Andy Soucek who drove the final session is usually the fastest of us but this time I don’t know – something didn’t suit him obviously. I could have done the same time perhaps. Kévin Estre could have been 3rd or 4th with his time if he had not made an error worth of 0.8 seconds in Ascari chicane.

Then he excelled at the start and after the pitstop you went out in P3. Is it that ART GP has generally faster pits-stops than other teams?

This and that. In Silverstone we had another issue with fuel-flow restrictors. The idea is to make GTE cars faster that our GTCs, more than the on-track performance allows. So we must do one pit-stop more than them and our refuelling is slower thanks to restrictors. But there are differences between the cars as well, Ferrari's refuelling time was 15 seconds shorter than ours – with four pitstops it makes one minute. So all in all they are faster than us in the turns, down the straights and at refuelling. Our tire changes are mega quick, that's true, but we can't compensate all the disadvantage with this.

But you had strange pit-stop problems at Monza.

Yes, we lost about ten seconds. It was extremely cramped on the pitlane – one car stood in front of us, one car behind. When Estre arrived to the pits, he couldn't park the car parallel to the track. I took the seat, four tires were changed, car was lowered to the track but the Ferrari in front had only one tire fitted by that time. Mechanics had to push the car backward and forward four times! Later I looked from the data, it cost us some 10 seconds but I still made the track before him.

Then you had to save the fuel.

It was because Monza is the fastest track and full throttle is used for the majority of the lap. Our driver change happened one lap earlier than planned which was another reason. I had to use coasting – you lift the throttle about 50 meters before your braking point – plus I had to play with engine mapping.

Considering this your laptimes were pretty good.

I guess Soucek did 1:50.1, Estre and me 1:50.3, gap was only two tenths. Then I was the only one who didn't have new tires, even if it is maybe not that important during the race. My pace was rather good. What I could do better was the beginning of my stint when I was too conservative trying to save the tires. If I had pushed more, the overall time for my stint would have been better.

On TV it seemed you had more or less trouble-free race at Monza.

Not exactly. Estre had a collision with another car and front end developed a vibration after that. First I had a fear that something will break down the very next moment. Every time I turned left a horrible vibration started. After about 15 minutes I had used to it – OK, if there's a vibration, let it be so. Towards the end of my stint it vibrated in every turn.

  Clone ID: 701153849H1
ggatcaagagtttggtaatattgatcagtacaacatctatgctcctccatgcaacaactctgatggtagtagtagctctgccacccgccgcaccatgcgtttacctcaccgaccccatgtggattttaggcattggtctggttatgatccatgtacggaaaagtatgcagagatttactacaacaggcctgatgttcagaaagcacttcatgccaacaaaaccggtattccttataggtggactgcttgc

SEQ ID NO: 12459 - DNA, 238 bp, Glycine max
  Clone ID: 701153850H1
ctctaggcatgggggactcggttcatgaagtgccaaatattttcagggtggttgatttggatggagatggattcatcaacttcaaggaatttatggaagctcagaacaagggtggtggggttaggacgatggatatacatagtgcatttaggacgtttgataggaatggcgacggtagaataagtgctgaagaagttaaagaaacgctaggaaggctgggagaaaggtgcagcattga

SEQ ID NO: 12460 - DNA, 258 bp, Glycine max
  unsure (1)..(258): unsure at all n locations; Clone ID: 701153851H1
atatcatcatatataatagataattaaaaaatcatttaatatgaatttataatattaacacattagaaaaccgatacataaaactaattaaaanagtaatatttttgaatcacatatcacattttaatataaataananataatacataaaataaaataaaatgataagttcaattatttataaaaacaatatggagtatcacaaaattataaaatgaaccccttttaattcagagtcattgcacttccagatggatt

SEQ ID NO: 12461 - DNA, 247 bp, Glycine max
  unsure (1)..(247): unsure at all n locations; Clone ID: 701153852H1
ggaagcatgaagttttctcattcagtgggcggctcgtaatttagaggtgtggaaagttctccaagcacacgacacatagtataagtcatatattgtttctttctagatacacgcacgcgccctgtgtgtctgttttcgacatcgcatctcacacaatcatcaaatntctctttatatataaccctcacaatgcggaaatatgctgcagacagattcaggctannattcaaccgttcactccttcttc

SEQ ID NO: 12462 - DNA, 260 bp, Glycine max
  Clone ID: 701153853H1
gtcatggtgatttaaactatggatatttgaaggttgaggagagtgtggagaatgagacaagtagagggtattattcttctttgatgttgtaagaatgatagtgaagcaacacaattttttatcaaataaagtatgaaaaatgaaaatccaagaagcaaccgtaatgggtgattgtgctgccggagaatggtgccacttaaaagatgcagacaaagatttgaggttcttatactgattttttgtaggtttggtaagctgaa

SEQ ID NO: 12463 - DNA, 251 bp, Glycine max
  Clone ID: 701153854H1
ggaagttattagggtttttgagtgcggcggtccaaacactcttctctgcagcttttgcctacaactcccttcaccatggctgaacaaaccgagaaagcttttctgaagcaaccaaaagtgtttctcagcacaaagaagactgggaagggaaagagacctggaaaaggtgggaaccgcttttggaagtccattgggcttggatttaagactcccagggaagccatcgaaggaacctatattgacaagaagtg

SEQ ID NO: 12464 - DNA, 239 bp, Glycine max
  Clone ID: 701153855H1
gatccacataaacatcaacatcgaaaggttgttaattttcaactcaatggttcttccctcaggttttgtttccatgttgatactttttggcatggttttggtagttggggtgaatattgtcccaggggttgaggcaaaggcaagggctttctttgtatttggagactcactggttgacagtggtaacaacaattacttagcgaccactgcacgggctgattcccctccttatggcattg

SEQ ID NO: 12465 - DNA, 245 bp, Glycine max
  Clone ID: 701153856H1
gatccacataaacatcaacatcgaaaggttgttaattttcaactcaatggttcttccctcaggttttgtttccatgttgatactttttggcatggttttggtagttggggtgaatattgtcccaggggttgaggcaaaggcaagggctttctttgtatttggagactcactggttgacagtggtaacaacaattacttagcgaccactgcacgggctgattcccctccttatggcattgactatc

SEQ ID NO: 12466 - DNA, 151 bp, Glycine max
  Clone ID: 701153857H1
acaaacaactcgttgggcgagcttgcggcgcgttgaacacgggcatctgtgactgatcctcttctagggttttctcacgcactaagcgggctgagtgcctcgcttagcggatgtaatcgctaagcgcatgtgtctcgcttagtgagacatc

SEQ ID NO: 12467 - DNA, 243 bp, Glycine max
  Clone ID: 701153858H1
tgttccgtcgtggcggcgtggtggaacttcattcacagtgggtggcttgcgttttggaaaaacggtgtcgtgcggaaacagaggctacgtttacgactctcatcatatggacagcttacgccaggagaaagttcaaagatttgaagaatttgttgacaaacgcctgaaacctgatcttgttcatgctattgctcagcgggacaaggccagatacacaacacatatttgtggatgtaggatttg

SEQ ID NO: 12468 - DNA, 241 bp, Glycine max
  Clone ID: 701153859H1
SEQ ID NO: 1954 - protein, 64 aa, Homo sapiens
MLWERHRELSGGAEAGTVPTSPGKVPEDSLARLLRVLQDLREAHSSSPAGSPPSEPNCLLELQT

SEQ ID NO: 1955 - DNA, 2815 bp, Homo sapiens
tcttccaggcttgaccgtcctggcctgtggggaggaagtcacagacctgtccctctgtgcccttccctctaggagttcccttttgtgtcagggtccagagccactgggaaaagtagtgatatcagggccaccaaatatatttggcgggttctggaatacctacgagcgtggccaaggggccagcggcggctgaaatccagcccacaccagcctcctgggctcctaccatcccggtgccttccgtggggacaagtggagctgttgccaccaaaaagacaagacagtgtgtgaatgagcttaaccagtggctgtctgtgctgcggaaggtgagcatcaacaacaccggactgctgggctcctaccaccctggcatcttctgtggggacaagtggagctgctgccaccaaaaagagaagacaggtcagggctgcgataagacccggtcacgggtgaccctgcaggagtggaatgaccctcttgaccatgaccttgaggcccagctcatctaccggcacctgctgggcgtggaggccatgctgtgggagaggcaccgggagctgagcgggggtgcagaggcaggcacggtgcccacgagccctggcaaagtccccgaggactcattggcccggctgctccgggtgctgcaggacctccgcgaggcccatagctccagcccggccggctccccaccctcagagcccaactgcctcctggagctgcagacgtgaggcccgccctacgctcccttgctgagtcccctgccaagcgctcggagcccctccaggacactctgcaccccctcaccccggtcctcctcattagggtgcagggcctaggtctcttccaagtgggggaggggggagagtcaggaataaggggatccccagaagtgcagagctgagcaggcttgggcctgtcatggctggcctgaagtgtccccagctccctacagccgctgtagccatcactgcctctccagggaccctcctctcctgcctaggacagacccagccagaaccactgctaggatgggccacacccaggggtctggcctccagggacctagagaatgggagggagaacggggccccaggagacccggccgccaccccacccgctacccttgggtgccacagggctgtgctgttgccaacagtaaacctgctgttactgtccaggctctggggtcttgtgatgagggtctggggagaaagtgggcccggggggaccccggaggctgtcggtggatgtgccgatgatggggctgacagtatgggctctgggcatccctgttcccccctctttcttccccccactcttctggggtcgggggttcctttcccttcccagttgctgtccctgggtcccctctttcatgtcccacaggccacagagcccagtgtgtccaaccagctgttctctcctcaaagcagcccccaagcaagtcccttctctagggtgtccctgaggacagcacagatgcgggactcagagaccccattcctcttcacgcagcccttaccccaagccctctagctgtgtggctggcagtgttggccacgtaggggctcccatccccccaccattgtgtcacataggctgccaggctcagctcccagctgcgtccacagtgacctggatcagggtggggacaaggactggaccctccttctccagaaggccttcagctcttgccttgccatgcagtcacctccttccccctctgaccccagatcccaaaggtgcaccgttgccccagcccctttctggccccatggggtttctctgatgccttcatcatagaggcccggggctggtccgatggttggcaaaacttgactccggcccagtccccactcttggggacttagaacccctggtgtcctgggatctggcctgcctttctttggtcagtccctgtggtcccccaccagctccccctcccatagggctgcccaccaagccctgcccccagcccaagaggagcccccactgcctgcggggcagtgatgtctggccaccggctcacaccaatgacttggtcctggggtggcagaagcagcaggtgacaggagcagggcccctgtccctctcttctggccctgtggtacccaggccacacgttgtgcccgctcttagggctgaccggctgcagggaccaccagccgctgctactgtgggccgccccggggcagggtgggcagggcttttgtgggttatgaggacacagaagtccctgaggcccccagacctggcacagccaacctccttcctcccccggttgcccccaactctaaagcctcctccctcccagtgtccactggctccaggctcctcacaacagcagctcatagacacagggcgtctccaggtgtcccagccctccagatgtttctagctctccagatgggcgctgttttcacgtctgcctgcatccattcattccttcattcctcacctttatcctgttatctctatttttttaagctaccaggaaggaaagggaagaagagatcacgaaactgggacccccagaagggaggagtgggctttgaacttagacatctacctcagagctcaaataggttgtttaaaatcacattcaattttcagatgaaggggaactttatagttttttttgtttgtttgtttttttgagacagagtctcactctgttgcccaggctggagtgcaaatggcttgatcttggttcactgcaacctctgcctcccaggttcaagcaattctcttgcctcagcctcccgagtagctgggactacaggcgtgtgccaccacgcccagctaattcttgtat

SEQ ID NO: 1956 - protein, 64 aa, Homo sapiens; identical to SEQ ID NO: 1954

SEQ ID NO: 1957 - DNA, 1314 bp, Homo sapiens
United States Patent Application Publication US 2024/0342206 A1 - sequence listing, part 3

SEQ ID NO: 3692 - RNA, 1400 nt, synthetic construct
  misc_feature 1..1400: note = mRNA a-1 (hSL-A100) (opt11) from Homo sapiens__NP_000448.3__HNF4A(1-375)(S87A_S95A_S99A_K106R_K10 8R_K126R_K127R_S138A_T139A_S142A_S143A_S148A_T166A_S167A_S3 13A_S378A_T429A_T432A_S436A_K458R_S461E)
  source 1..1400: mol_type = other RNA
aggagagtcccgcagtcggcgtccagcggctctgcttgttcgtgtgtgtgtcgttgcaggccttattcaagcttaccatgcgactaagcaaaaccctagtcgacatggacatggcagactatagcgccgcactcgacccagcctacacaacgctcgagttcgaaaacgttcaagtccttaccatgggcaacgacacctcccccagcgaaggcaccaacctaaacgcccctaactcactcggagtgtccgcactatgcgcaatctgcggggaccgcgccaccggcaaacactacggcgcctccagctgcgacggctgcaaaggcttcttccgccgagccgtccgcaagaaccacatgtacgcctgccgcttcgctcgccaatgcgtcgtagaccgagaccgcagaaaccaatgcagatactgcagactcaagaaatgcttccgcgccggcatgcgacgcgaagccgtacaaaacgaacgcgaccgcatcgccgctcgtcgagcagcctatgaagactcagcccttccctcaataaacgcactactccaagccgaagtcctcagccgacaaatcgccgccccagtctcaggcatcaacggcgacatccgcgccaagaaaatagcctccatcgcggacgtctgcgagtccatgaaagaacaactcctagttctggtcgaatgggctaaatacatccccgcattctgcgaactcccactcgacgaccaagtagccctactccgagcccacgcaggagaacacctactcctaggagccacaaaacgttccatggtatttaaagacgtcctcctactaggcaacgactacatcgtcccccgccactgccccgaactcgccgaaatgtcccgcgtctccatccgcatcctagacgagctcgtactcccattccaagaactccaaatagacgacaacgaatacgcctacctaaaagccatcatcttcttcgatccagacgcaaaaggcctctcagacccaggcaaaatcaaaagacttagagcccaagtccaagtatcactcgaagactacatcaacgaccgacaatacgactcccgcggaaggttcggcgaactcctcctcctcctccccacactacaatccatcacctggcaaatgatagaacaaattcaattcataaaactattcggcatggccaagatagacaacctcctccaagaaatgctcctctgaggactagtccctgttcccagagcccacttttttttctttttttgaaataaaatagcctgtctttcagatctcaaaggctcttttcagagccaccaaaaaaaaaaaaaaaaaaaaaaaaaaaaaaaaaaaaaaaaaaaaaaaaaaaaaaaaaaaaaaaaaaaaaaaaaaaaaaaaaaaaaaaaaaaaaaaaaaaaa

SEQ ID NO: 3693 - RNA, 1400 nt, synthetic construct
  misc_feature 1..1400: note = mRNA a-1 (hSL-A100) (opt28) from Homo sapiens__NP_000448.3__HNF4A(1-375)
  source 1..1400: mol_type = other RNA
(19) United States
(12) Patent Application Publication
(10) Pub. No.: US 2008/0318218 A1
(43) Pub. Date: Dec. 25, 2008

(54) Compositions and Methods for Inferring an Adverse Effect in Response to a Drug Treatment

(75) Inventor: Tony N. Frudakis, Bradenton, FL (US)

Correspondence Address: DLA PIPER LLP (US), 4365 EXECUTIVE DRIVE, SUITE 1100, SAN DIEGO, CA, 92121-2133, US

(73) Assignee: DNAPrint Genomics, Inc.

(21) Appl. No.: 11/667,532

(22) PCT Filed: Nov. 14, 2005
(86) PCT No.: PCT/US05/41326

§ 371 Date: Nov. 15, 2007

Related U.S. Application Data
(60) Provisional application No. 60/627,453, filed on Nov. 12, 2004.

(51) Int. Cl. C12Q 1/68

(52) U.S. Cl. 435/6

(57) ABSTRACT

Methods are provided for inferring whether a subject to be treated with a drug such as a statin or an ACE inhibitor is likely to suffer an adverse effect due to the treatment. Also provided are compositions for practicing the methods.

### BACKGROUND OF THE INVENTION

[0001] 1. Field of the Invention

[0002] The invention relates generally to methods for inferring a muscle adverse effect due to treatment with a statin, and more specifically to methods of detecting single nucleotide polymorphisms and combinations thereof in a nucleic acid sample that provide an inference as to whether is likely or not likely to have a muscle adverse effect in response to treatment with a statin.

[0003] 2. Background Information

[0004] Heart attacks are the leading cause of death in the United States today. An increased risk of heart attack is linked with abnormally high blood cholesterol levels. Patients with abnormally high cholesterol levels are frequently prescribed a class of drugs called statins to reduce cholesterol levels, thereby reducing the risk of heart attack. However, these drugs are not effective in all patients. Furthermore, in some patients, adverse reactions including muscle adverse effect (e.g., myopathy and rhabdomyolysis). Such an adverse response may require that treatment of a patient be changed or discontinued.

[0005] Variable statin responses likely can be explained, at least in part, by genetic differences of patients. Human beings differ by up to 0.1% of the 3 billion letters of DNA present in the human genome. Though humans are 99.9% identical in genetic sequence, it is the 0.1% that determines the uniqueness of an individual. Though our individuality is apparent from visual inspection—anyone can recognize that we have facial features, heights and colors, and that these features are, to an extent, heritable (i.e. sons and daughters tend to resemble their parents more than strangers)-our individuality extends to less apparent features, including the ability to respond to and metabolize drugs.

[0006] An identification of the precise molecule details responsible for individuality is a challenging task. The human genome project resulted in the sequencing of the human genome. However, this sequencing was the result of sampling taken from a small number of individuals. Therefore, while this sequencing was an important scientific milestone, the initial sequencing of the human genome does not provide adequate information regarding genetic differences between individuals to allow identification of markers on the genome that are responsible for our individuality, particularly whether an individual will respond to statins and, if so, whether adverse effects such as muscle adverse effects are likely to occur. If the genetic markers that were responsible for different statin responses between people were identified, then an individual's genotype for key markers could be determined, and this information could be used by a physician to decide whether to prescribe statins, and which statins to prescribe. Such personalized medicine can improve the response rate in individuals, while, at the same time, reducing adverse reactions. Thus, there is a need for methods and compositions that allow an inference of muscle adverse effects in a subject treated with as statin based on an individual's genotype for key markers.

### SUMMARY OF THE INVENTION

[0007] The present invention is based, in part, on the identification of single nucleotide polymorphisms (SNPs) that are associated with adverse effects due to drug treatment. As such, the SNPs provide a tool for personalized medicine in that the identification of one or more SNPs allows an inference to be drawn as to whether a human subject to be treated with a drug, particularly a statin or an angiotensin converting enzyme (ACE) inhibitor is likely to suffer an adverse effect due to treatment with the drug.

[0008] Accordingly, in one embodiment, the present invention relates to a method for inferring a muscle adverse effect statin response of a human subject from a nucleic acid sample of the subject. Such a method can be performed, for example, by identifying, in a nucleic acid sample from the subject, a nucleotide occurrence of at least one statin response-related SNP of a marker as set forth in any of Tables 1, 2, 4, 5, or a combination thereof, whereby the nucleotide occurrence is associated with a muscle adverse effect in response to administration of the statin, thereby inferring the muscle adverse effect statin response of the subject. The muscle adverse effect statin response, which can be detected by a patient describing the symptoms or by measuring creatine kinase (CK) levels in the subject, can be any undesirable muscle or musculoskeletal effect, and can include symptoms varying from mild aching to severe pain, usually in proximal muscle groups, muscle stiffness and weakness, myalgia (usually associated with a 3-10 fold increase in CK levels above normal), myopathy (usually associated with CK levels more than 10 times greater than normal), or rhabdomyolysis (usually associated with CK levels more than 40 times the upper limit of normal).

#333 Ferrari was a hot topic at Monza. Did you meet him on-track during your stint?

No. Everybody talked about him driving like a mad but I didn't encounter him. Still, I lost about three seconds thanks to another car. In the second Lesmo it was just cruising at about 30 kph, crossing the racing line. I saw him and thought: what will he do next? Maybe I should overtake him from outside? Then I decided to play safe and braked to almost standstill, letting him to go through the turn.

Before the season you said it takes time to shave off those last tenths from your lap-times. Have you shaven them off for now?

Difficult to say, I think it changes time to time. There are some tracks I have never been to, namely Imola and Red Bull Ring. They will be tough, I guess. Other tracks are familiar, though I have not driven GT cars there, except Paul Ricard. Anyway, I know all main things by now. I can't say anything about rain, it may be difficult as well, but when the track is dry and car is OK, I can keep myself in the pack.

Coasting was also difficult in the beginning. It was a total novelty, I only learned two minutes before my stint what it actually means. It was not easy to perform in the beginning because you are used to other routines under braking. I gave up coasting in some places when I felt I couldn't do it properly and instead I coasted for a little longer in other places.

How do you rate your own driving during those two races?

I think 4 out of 5 would be the mark. You can always drive better, this is sure. However, endurance racing is all about teamwork. It can happen that you drive brilliantly but you are still far from the top. Another time you do nothing and still win.



Youngest driver to win a race in Formula Renault 3.5 Series.